Mira Krishnan visited Stevenson as part of a Day of Diversity discussion on Tuesday, January 30th. Mira, a social entrepreneur and feminist activist, seized and (… more)
Stevenson’s commitment to cultural enrichment and fun were again on display on December 12th, when the nationally-renowned Cassatt String Quartet gave a lunchtime concert in (… more)
The Stevenson Community Service Group (Jake, Casey, Lili, Chris, Mia, Jaron, Hailey, and Jessica) volunteered to serve lunch in the Part of the Solution (POTS) (… more)
Stevenson Art teacher John Headley shares a statement Ben’s work and his growth as an artist:
“Ben has been a part of the arts culture here at Stevenson for five years and in that time his skills as an artist as well as his narrative voice have matured. In recent years Ben has embraced mixed media as it brings together a chorus of techniques and materials to service the totality of his vision. His work is a bricolage of ideas, mediums, emotions and experiences. He is thoughtful about both the physical and metaphysical world which informs his aesthetic choices. This is Ben’s Senior year at the school; for his unwavering contribution to the arts culture at Stevenson we honor him by showcasing his work.”
Ben’s artist statement:
“I identified the importance of artwork in my life when I realized it has a multifaceted effect on my mind; one that is healing, dangerous, spiritual, contemplative, meditative, obsessive, cerebral, trance-inducing, blissful, challenging, and most fundamentally, cathartic. The artistic process for me is tantamount to feeding and nurturing my soul, to refining my individuality, and redefining what it means to be a creator, questioning if it really needs any meaning and if it can live solely on expressive emotion.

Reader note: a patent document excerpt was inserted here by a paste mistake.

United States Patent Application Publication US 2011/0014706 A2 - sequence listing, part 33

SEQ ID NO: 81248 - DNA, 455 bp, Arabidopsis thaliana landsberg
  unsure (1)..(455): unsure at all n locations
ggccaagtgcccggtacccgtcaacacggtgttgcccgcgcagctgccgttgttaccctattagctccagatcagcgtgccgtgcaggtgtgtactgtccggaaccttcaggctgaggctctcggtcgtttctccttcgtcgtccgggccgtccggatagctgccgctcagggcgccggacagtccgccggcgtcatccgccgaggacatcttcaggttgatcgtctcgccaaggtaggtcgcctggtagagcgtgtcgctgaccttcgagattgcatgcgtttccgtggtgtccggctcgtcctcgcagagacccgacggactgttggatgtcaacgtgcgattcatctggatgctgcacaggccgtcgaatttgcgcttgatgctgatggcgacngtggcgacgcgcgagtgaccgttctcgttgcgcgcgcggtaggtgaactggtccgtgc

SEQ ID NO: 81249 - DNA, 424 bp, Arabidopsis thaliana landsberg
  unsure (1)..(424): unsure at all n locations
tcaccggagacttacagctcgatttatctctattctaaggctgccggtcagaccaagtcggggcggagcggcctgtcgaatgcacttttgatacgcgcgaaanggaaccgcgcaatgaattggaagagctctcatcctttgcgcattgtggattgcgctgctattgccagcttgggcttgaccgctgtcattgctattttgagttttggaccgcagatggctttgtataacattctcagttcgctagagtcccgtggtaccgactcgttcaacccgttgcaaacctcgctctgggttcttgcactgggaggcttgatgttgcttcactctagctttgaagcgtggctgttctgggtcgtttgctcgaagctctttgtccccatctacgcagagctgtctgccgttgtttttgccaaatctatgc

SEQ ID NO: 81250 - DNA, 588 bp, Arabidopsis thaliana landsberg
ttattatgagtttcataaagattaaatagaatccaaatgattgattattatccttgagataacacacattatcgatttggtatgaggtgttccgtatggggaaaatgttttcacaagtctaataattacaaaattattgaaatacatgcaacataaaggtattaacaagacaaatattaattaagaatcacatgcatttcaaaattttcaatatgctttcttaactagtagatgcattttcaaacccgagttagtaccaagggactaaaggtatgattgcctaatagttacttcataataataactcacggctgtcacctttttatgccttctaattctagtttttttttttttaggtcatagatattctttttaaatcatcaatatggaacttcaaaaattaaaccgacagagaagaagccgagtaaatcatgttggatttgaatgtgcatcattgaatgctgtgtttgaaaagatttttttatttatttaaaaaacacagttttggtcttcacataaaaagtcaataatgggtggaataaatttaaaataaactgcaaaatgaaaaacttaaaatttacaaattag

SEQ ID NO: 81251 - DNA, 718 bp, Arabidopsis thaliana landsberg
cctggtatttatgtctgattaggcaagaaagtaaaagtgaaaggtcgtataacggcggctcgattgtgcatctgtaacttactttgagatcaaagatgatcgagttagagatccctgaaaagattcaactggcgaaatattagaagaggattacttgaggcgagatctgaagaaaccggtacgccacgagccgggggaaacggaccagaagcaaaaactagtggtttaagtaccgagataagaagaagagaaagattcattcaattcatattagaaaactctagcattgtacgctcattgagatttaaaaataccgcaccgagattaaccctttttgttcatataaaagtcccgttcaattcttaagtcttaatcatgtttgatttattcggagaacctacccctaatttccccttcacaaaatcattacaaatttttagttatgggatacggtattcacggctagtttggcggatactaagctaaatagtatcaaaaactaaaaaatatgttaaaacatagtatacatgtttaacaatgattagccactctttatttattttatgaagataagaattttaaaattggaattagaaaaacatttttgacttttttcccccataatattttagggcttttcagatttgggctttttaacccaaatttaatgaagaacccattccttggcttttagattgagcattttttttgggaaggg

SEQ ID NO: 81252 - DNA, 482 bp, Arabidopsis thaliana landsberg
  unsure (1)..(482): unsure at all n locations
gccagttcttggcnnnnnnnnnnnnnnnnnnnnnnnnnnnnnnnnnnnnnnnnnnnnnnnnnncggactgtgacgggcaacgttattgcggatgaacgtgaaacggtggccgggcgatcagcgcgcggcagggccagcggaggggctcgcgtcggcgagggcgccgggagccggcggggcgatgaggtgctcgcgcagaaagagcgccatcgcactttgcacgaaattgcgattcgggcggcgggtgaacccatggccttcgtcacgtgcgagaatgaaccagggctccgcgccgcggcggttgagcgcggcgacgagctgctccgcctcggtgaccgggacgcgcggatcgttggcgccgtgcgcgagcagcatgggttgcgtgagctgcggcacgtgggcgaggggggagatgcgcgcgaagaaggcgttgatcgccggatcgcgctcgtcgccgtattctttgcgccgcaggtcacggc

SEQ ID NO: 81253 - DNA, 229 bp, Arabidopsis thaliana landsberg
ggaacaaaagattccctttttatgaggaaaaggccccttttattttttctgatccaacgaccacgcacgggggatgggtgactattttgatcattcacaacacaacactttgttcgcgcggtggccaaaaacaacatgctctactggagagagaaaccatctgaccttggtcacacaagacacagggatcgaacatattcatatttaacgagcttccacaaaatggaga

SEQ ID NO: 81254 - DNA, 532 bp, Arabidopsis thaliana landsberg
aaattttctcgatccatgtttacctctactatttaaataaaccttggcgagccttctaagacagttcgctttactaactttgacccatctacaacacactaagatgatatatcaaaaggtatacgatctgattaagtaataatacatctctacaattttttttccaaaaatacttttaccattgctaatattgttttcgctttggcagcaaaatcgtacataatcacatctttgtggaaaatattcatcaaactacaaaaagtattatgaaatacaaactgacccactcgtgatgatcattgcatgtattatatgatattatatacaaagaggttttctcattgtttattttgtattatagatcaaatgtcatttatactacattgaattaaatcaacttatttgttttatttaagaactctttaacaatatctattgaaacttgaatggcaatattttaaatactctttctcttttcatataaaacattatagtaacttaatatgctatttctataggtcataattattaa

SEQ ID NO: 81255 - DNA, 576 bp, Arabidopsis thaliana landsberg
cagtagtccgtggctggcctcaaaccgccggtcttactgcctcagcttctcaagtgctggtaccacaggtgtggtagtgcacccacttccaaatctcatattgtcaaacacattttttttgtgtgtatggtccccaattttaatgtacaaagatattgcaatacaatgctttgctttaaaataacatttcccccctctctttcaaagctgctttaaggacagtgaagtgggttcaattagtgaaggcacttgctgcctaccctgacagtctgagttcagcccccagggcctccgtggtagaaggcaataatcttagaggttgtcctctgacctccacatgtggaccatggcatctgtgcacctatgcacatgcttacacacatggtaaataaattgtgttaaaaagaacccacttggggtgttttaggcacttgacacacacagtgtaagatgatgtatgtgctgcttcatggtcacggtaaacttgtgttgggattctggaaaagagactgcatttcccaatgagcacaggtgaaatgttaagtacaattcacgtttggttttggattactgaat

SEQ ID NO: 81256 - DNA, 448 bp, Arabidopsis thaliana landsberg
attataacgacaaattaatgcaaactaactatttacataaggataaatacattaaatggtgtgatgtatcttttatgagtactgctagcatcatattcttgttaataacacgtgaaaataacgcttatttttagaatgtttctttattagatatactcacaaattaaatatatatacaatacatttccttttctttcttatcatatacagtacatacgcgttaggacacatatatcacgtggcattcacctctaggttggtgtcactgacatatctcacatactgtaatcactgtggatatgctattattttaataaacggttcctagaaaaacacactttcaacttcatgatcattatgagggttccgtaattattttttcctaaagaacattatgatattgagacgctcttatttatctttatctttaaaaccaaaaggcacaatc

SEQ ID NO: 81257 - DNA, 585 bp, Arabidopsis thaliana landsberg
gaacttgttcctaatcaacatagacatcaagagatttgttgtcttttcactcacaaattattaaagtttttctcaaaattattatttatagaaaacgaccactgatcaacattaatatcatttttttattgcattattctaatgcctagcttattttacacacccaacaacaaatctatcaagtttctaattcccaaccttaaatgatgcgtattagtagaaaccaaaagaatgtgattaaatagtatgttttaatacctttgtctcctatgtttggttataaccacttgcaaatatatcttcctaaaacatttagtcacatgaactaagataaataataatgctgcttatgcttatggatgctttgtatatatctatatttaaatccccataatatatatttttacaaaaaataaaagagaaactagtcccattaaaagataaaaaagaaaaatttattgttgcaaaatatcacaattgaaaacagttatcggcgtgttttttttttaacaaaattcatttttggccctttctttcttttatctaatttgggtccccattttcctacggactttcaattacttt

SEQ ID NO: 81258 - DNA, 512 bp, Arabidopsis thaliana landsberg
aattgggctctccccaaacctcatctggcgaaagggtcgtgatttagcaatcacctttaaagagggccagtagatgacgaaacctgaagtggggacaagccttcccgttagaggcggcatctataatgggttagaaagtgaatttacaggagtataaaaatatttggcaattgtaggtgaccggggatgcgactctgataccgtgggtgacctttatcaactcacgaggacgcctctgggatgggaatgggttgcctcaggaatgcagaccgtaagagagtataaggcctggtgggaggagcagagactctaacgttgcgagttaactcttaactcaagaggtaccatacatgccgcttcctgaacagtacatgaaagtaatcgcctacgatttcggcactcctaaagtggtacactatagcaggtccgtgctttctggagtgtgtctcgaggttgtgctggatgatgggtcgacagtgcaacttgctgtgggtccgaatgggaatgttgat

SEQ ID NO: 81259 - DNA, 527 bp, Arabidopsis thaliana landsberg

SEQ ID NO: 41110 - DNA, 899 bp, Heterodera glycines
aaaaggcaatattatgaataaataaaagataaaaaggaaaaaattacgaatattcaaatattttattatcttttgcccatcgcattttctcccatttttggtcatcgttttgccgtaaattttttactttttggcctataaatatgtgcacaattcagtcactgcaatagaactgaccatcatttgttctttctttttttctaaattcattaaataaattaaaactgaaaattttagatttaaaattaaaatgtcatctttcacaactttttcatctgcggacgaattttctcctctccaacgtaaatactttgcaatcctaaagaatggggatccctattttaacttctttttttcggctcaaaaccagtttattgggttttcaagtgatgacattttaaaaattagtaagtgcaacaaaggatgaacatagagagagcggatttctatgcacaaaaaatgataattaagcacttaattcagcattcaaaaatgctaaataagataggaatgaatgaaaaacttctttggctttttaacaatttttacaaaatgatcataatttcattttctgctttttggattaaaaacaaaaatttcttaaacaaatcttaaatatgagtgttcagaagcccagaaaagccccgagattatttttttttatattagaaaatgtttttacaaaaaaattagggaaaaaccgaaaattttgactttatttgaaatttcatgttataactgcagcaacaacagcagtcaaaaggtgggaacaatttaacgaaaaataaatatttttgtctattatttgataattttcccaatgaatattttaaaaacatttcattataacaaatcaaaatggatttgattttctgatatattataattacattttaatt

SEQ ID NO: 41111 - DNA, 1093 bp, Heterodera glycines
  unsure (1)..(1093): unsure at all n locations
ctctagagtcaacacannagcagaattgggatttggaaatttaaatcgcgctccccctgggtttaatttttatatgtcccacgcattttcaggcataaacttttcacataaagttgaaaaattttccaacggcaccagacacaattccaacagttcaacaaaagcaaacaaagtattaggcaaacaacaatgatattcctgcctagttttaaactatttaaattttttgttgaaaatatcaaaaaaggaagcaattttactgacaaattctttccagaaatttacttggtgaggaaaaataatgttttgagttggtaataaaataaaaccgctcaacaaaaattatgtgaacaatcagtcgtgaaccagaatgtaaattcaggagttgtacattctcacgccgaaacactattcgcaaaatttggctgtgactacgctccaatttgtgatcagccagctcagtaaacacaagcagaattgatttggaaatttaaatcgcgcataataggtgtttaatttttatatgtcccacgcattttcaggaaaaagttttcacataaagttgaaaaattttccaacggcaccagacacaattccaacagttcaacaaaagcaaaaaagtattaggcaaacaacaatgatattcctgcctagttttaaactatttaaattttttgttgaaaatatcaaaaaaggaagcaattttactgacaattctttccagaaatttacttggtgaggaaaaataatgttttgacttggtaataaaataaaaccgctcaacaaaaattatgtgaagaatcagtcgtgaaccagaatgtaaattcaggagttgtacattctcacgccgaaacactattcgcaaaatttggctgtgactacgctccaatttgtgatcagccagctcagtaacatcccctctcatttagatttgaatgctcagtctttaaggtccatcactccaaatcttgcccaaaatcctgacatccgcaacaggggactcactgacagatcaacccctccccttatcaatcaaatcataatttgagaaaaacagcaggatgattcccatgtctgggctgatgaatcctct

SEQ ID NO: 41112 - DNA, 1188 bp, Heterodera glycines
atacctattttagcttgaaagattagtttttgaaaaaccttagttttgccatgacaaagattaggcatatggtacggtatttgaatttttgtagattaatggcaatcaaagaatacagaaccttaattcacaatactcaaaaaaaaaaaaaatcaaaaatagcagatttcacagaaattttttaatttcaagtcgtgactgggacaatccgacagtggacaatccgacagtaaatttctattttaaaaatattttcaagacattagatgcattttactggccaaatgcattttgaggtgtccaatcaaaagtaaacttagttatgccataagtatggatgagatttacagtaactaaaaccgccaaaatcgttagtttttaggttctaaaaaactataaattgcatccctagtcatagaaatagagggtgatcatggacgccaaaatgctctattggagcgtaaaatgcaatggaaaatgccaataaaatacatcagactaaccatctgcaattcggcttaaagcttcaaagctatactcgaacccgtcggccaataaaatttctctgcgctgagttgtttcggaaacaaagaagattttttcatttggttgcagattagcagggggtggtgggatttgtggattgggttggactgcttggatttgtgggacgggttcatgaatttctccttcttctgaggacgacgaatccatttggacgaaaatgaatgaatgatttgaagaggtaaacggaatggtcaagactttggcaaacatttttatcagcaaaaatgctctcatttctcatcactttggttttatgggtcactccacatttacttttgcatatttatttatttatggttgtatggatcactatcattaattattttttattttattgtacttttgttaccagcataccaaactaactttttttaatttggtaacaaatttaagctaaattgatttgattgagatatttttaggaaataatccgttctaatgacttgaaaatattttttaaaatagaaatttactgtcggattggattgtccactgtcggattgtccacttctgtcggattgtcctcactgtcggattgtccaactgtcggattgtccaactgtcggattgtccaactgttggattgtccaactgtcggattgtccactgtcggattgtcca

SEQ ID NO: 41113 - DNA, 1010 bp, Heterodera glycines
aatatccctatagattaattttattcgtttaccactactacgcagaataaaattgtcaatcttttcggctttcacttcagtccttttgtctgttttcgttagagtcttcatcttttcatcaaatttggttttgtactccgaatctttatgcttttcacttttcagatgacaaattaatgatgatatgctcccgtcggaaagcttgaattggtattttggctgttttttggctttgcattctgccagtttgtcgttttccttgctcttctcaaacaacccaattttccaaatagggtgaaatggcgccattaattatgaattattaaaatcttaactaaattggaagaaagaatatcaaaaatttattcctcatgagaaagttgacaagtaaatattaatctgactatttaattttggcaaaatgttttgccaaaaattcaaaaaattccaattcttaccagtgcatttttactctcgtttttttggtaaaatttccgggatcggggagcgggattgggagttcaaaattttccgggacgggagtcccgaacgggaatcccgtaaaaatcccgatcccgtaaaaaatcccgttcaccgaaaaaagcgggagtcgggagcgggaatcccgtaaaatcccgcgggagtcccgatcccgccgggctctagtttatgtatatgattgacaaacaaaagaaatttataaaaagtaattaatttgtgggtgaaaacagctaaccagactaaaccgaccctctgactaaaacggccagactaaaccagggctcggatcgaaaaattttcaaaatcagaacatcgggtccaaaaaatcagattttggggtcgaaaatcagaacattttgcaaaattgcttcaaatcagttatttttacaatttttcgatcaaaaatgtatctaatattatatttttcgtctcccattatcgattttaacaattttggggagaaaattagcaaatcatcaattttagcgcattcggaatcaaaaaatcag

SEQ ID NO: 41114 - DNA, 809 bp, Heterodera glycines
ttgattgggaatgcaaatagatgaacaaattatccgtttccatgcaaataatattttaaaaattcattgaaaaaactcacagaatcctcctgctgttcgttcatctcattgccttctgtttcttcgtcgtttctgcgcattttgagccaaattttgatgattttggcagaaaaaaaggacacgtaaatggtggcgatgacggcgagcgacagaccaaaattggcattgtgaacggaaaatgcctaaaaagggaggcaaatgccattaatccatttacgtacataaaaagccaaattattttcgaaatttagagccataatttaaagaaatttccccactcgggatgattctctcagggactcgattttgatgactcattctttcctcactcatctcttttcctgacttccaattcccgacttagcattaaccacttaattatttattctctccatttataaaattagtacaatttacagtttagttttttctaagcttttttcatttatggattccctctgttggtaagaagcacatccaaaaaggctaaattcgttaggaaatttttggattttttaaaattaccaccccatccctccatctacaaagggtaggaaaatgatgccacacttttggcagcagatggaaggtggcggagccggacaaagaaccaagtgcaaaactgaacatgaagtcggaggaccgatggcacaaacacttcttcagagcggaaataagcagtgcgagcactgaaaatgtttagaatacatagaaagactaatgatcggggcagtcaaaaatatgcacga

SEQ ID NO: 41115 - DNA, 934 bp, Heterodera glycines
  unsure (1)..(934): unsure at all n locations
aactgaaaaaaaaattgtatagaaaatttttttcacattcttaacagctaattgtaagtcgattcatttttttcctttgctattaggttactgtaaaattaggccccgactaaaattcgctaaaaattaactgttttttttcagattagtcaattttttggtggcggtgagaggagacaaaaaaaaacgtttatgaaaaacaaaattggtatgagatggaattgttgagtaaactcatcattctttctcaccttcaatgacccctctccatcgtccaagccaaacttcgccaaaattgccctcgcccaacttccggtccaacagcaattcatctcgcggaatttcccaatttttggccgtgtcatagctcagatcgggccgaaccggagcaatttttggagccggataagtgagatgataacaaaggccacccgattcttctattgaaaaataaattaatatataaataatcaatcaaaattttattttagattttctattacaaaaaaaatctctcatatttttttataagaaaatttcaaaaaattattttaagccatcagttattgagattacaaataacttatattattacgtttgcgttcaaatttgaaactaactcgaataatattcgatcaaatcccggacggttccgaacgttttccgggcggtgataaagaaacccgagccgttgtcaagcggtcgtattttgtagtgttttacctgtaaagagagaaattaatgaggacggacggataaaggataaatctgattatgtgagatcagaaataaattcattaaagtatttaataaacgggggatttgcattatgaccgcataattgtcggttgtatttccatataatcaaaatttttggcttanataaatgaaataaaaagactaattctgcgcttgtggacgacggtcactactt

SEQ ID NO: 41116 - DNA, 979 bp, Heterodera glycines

“So, in that spirit, here I am attempting to make words of something which I have limited access to, because many (if not all) aspects of these pieces within this collection have their genesis in a place I am constantly striving to be progressively familiar with: The Unconscious. And what else is catharsis, but illuminating the shadowy realms of the unconscious? The concepts behind many of these pieces came out of seemingly nowhere. As did many of the illustrations; the creatures done in ink and pencil. During and after this creative process, I am navigating through my unconscious, penetrating the core of my own inner enigma.
“Art is an exploratory landscape. I am not only exploring my own mind, but I also encourage the viewer to explore their own mind, to ask themselves what they are perceiving, why they perceive what they perceive, and the inherent constructs of consciousness. Some pieces can be seen from farther away, and do not ask of much mental energy. However, there are other pieces in which I am practically begging the viewer to look closer, asking them to see what I have meticulously configured or reconfigured. These are what I experience as my most accomplished pieces, the ones in which words and symbols play constructive roles, as they do in daily life. I want to evoke something new, something alien, and simultaneously, a primordial familiarity.
“In these pieces the viewer may find many religious concepts, either esoteric, or well known. My intention behind studying and interpreting religion is yet another tool for exploring the mind, and in doing so, I believe we inevitably find our relationship with a sense of the sacred, of the divine, even if it is through the profane or the terrifying. That sense of a higher power does not have to be your ‘traditional’ view of God, it can be anything that holds esteem and resonance in one’s life. I believe that creation, one of the essential qualities of nature, is an individual’s most sublime ability.”
Learn more about Stevenson’s art program.